Loongson recently unveiled two new quad core processors Loongson-3A2000 & Loongson-3B2000 targeting respectively consumer electronics and server, and on the company’s new GS464E architecture using MIPS64 cores.
Both processors are 4-way superscalar processors built on a 9-stage, super-pipelined architecture with in-order execution units, two floating-point units, a memory management unit, and a crossbar interconnect. According to Imagination Technology, Chinese media reported that 3A2000 CPU was designed at high-performance consumer electronics products such as desktop computers and laptops, 64-bit embedded and DSP applications, and network routers, while 3B2000 will be used in 8 to 16 core server systems, meaning there would be 2 to 4 quad core processors in these servers.
I could not find anything about the new processors on Loongson product page, but a white paper describes GS464E architecture in details. Unfortunately, the document is entirely in Chinese, except the abstract and some charts and tables:
Loongson GS464E is the most recent processor architecture introduced by Loongson Technology. In this paper, we describe the key aspects of the GS464E architecture. Compared to the previous GS464 architecture, GS464E focuses on improving the performance of memory access and branch prediction, using enlarged queues, caches, and TLBs in the processor. Support for the MIPS DSP instruction set and virtualization is also provided. Specifically, the memory subsystems have a 3-level cache hierarchy each with an LRU replacement policy, and also support multi-processor cache coherence. With the aforementioned optimization features, GS464E has become an innovative, high-performance processor architecture.
And some results are really impressive with over 2000% improvement in memory transfer over the previous generation Loongson-3A (GS464).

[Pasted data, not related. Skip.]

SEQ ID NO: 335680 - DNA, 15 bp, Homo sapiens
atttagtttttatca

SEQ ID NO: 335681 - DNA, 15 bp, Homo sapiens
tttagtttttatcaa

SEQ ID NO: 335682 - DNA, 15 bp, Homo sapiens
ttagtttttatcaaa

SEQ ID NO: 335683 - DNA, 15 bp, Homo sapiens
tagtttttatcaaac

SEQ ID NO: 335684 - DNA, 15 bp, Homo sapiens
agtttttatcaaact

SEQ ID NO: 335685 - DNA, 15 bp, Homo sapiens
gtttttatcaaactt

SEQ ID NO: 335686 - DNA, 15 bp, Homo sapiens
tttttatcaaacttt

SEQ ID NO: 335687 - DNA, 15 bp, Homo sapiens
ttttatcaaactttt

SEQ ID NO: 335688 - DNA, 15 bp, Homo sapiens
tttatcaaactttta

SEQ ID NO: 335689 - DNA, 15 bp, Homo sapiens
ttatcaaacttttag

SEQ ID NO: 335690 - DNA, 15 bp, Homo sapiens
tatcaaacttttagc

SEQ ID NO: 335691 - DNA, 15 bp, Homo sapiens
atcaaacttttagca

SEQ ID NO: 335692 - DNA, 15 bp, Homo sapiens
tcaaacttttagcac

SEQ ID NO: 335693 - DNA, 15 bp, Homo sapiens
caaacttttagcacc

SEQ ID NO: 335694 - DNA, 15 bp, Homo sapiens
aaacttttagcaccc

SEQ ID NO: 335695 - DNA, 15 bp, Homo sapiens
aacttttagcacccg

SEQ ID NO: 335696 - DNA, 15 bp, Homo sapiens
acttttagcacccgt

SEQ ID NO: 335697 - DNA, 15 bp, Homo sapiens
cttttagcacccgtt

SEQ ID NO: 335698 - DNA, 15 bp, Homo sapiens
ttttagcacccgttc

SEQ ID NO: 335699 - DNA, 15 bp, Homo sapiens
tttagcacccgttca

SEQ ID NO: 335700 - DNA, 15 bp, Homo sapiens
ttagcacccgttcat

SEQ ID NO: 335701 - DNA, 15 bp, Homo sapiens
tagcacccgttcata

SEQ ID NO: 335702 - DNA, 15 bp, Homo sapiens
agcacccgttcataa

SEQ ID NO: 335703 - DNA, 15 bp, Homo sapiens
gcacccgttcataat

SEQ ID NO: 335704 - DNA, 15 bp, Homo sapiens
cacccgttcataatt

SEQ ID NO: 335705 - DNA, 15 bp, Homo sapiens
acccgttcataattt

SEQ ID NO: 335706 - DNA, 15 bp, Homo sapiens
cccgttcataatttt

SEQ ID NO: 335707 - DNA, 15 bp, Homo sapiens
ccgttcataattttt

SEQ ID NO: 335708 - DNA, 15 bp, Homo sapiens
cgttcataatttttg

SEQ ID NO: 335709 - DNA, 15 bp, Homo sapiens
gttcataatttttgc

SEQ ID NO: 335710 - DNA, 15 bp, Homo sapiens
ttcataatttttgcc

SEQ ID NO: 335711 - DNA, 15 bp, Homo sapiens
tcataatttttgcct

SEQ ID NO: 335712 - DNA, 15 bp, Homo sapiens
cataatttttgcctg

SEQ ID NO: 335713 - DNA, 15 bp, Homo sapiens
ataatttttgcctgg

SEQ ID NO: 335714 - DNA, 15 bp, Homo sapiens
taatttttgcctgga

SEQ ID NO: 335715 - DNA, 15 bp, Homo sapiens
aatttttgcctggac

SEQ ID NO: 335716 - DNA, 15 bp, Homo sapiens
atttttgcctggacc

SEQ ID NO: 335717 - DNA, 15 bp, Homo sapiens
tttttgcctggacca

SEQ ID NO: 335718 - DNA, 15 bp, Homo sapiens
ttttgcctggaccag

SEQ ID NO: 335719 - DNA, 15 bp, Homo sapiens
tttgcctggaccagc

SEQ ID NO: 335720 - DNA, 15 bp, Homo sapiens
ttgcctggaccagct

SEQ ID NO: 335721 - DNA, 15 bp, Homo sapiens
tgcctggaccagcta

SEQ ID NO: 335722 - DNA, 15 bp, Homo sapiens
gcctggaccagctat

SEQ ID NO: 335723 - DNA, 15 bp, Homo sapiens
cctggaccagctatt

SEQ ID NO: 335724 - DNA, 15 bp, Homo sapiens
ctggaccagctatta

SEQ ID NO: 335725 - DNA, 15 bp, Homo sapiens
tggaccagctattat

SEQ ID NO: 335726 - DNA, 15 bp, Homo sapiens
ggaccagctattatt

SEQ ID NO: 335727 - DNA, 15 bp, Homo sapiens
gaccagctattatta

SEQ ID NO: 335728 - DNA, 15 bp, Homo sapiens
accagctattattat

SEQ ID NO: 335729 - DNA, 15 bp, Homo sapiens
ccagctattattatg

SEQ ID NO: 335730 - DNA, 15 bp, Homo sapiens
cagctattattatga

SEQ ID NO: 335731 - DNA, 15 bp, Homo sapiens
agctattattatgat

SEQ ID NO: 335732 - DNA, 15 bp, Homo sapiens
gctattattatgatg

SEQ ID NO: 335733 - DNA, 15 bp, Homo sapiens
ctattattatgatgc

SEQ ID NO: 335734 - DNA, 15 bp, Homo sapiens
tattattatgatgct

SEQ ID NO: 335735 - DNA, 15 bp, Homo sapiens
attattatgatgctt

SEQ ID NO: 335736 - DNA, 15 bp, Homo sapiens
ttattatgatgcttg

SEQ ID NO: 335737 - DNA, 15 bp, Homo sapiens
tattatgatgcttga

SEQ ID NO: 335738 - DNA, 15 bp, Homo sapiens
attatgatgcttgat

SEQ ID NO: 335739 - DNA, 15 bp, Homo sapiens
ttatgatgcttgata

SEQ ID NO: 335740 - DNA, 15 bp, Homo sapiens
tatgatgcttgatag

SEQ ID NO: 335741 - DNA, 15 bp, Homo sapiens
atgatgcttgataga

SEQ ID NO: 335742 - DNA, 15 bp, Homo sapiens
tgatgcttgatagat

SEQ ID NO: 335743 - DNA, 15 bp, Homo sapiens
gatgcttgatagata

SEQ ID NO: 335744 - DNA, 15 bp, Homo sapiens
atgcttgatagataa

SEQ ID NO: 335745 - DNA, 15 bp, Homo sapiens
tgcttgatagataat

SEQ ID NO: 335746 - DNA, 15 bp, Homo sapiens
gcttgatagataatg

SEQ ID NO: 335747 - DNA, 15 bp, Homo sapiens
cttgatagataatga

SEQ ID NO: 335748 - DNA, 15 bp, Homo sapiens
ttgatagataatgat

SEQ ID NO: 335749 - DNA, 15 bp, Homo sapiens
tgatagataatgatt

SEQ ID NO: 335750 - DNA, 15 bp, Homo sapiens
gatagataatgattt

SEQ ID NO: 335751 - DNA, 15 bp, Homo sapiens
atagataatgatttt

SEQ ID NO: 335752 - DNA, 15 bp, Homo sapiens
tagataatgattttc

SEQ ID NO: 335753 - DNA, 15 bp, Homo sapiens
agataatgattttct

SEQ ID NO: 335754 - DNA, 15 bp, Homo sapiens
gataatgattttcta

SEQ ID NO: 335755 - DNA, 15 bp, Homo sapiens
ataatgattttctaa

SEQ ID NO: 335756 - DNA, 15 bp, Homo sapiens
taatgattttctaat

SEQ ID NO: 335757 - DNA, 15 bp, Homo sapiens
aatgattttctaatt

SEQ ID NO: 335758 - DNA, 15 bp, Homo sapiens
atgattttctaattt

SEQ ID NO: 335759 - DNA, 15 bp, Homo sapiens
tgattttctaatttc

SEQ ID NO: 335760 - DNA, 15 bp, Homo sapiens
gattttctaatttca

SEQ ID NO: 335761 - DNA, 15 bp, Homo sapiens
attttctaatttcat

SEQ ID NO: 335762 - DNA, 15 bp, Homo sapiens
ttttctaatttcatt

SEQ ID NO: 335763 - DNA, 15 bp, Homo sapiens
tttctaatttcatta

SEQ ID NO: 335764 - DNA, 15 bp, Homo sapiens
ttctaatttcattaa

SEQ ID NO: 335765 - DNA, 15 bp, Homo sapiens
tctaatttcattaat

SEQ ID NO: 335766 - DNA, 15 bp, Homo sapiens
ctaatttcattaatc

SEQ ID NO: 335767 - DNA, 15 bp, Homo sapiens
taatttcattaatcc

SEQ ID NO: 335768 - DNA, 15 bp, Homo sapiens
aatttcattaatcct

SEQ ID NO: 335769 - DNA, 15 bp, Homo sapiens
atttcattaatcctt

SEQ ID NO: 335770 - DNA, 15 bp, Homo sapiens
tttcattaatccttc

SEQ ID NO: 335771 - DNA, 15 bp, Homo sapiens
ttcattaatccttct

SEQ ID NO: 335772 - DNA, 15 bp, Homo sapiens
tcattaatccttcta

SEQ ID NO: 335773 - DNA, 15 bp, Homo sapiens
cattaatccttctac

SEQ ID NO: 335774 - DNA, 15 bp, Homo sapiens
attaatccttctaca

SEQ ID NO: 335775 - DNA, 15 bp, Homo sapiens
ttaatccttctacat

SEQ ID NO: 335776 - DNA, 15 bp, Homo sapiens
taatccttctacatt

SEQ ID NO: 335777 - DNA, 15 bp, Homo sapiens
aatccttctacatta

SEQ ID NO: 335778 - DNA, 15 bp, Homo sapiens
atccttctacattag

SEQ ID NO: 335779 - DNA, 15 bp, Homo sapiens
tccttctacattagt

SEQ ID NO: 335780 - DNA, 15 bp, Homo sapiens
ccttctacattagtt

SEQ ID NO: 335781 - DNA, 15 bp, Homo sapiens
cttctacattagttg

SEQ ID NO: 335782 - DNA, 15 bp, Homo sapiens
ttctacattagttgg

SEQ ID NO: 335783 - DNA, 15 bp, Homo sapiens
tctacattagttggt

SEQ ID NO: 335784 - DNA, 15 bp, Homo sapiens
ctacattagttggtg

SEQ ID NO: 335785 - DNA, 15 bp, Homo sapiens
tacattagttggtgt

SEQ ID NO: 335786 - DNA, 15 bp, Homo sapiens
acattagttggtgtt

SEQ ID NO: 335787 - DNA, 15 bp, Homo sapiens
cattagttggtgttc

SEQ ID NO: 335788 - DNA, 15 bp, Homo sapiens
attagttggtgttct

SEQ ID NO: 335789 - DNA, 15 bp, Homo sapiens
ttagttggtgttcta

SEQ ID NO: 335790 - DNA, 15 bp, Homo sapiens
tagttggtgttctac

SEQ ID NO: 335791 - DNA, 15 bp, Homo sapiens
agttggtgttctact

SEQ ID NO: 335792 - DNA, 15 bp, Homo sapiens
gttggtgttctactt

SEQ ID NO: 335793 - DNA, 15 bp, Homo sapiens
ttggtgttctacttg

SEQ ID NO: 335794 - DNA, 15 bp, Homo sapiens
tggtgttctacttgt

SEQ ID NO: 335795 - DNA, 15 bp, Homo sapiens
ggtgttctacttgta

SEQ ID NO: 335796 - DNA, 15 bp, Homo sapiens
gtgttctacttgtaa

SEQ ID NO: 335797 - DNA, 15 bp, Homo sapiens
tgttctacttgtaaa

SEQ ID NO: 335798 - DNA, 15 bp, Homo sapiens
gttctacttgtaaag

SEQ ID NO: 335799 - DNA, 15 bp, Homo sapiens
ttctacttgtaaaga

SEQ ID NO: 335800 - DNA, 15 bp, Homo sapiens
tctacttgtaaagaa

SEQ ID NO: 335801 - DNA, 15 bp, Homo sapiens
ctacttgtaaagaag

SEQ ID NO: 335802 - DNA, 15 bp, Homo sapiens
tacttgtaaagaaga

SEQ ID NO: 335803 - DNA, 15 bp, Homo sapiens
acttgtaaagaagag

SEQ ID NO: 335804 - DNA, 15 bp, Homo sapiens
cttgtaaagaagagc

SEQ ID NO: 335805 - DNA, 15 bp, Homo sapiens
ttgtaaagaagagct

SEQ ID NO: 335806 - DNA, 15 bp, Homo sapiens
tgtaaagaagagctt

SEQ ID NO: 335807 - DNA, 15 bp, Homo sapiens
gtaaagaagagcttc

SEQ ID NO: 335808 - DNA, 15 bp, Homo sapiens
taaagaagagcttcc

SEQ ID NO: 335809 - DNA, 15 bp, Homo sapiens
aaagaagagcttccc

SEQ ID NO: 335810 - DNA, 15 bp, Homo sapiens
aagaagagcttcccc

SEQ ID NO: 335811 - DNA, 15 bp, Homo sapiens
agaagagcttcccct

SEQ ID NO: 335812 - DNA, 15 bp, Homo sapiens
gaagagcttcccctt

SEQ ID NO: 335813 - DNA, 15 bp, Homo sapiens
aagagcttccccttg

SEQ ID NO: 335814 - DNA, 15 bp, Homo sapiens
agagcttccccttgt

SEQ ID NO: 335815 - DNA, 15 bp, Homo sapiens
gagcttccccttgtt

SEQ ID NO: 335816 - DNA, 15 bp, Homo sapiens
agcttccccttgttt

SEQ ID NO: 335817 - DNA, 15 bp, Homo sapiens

Imagination also displayed a chart showing performance per MHz is pretty good compared to AMD, ARM and and Intel.
However, I could not find any power consumption data such as TDP or performance per watt, so I’m not sure the new processor excels there, especially since the processors are apparently manufactured with a 40nm process technology. However, two new chips to be released in 2016 – 3A3000 and 3B3000 – will be built using 28nm process node and clocked at 2GHz.
Some other interesting features of the processor / architecture include:
- MIPS64 Release 3 instructions
- LoongBT, a binary translation technology that enables developers to run x86 and ARM code
- LoongVM instructions for custom virtual machines
- LoongSIMD instructions for 128- and 256-bit vector arithmetic operations
The new Loongson processors run Linux (Loongnix distribution), and previous versions of the processor could also run OpenBSD, so it might be ported too.
The new processors should soon be found in devices sold in China.
Jean-Luc started CNX Software in 2010 as a part-time endeavor, before quitting his job as a software engineering manager, and starting to write daily news, and reviews full time later in 2011.
Do these CPUs ever make it into any actual devices that you can buy ? I’ve read numerous articles about them but I don’t remember any articles about devices containing Loongson CPUs …
Here is a thread talking about a Loongson-based laptop called Lemote.
rms used one before switching to a Thinkpad:
Thanks for that … it does indeed look interesting but I couldn’t find it on sale anywhere , not even on aliexpress where I buy my Chinese stuff.
I’m hoping to see this and other MIPS SOCs available to actually be able to buy in devices ( other than routers and networking devices ) Maybe in 2016 …
They were in the past MIPS SOCs based media players on the market made by Realtek(RTD1073 had a 400MHz MIPS24Kc processor,RTD1186, etc.).
OK I guess I’m thinking more like laptops, desktops ( or at least more powerful dev boards ), tablets, phones …
I’d like to buy some MIPS stuff but I don’t want to have to buy exotic hardware or get it just be cause it’s MIPS … Maybe Chromebooks could be a start for some MIPS SOCs as they are architecture agnostic.
IMO they should really make Android architecture agnostic too but that might take a while … not sure why they haven’t though since they solved the native code problem for Chromebooks.
MIPS Creator CI20: http://www.elinux.org/MIPS_Creator_CI20
I think the 3B2000 should have 8 cores, all the previous 3B chips were octacores acording to available materials. The 8-16 cores figure is probably for uni-processor and dual-processor boards?
Yeah I know about that one but that’s pretty weak … ARM has some pretty powerful stuff available and more stuff to choose from. Still if PowerVR makes some sort of open source driver available I might consider that board … otherwise I’d rather get the RPi 2.